Detachments, how big do they need to be??  

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Fred
 Fred
(@fred)
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Joined: 5 months ago
Posts: 16
08/05/2019 2:32 am  

Just played the battle of Linz-Urfahr as my first proper battle.

My Bavarian opponent hadn't played either. Following the advice in the scenario, he created 2 detachments, one of 2 battalions, the other of 2 battalions and a gun. His infantry division deployed in the middle of the detachments, which where deployed in villages on his flanks.

Not having played before, he asked me why would you use a detachment? Not being overly familiar with the rules, I thought that by deploying a detachment in the path of an expected advance, it would force the Austrians to deploy into battle waves, thus slowing them down.

Turns out that strategy didn't really work out for the Bavarians. The 2 battalion detachment was steamrollered by a 6 battalion formation of Austrians. It only took the Austrians 2 turns to shake out into 2 battle waves, and then they easily routed the Bavarian detachment. The Austrians did roll well, it has to be admitted.

We played 1 to 100 scale. As deployed infantry only moved 3" slower then ployed units, it wasn't a big hassle to keep moving deployed.

So in the end, we where both left wondering why you would bother with detachments??? Big formations appear to have a big bonus over smaller formations, why create brittle smaller formations and weaken the larger host formations?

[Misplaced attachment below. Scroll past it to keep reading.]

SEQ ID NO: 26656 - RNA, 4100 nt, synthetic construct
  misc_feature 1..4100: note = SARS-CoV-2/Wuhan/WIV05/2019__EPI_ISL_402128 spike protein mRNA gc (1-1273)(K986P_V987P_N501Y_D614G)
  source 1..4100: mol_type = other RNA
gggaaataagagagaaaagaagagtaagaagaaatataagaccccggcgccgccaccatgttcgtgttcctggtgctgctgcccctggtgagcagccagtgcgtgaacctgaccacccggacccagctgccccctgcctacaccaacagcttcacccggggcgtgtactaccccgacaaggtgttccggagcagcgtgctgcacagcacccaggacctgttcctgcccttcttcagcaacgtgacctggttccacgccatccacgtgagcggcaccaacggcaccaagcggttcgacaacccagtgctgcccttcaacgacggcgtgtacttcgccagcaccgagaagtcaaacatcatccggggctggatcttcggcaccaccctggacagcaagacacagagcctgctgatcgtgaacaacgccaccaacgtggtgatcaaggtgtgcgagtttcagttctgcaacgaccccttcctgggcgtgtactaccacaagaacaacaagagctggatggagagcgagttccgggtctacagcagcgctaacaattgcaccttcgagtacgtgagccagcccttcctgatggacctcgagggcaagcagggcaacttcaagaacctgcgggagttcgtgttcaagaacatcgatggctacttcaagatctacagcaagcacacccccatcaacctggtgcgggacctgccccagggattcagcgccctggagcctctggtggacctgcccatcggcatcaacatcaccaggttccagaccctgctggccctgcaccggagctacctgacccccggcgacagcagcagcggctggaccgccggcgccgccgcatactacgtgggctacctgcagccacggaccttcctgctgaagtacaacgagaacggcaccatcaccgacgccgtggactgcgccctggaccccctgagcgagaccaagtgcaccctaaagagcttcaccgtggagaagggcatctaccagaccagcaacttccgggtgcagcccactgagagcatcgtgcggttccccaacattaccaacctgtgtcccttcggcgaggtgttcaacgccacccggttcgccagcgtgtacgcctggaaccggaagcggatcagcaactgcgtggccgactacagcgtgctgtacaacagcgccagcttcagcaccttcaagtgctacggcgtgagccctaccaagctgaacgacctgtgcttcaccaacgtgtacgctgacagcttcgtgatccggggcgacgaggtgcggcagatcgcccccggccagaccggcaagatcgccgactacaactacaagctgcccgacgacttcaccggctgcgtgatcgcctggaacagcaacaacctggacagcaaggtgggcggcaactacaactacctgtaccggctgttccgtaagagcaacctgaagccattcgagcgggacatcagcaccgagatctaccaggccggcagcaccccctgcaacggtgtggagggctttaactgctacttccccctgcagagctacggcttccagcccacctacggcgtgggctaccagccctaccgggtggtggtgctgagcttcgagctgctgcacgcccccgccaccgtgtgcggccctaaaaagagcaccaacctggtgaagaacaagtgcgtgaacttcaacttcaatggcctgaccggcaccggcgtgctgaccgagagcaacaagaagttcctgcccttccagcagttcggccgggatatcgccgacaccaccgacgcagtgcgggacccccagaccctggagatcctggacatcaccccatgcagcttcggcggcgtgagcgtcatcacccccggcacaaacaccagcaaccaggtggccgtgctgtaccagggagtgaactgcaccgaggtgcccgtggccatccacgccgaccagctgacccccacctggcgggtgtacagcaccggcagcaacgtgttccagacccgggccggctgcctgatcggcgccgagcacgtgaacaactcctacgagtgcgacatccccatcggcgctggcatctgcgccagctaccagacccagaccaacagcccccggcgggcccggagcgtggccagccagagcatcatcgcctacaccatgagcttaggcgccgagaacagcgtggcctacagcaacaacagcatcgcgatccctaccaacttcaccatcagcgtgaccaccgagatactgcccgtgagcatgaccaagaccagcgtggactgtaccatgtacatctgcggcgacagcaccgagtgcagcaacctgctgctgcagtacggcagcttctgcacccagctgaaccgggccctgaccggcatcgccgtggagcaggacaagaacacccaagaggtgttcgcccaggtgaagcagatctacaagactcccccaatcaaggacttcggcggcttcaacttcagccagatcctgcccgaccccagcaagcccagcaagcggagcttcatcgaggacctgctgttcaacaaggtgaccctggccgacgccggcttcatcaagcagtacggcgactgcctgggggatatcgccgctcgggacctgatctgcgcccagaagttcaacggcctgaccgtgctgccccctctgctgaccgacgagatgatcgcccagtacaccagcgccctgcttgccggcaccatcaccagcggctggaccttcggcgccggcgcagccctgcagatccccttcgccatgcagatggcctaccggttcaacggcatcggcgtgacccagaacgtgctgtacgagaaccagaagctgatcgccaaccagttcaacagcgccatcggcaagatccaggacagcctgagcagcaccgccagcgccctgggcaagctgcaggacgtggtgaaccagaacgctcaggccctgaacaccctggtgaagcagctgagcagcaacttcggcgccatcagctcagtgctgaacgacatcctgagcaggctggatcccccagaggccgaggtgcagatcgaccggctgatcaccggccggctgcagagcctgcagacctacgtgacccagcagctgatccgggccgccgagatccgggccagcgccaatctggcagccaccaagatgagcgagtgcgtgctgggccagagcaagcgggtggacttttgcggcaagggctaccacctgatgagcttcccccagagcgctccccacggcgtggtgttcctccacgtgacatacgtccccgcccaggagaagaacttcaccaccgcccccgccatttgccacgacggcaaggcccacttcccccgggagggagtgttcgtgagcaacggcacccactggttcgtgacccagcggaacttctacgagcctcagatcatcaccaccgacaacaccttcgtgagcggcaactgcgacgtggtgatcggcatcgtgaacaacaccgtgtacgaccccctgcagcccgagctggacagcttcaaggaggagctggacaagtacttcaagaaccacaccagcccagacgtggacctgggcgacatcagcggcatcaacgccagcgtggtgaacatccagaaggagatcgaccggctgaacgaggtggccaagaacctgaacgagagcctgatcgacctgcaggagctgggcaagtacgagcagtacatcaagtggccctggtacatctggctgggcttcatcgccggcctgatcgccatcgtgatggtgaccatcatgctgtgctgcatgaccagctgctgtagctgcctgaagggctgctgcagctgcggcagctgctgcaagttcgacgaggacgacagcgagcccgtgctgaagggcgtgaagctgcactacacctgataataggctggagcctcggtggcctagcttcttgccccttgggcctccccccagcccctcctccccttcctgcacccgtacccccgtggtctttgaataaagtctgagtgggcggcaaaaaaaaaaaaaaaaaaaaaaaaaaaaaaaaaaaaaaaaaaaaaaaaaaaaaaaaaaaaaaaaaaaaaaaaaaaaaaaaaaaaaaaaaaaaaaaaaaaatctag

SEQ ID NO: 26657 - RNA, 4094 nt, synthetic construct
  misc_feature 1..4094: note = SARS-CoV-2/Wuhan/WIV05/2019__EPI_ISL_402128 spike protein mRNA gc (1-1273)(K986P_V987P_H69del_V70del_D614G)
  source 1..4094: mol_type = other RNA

Playing ESR, I did get the feeling that I was commander of large body of troops, I especially liked how I couldn't stop my lead Austrian division from plowing on in the attack but we both got the impression that some battles with only a couple of formations a side can be over very quickly. After the Austrians broke the 2 battalion detachment, they plowed into the Bavarian infantry division at the same time that another Austrian formation attacked from a different direction. Within 1 turn of combat, the Bavarian division had retreated and that was it for the game. The Austrians where hardly dented and the Bavarian's where retreating across the board, except for the 2nd detachment of Bavarian's.

I also liked how the terrain really impacted the battle. When the Bavarian detachment (broke) and cavalry division retreated, they both had to run along the north bank of the Danube. They where right next to the Bavarian infantry division when it was pincer-ed by the attacking Austrians. This played a big factor on the Bavarian assessment test, causing it to retreat after 1 turn of combat.

 


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David
(@david)
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Joined: 9 months ago
Posts: 212
08/05/2019 7:59 am  

Detachments, how big do they need to be??

It is a tricky question. From a standpoint of requirement: there isn't one, a single battalion could technically be a detachment. From a standpoint of practicality, it is a job-specific judgement.

Commonly the intent of a detachment was to do as you say: Cause the enemy to deploy early and slow them by making them fight earlier than they wished. When it comes to this strategy, the player needs to consider 1) how long are they looking to delay the enemy and 2) how do they themselves intend to spend that time – i.e. what are they gaining?

One reason to use detachments is to attempt to do different things at once, you need troops in multiple places to cover multiple fronts, etc… It is often not a choice situation as you may likely be making a gambler's decision between being larger, thus with more staying power, but being hit from multiple vectors at once; or being smaller, thus will less staying power, but being able to confront each threat.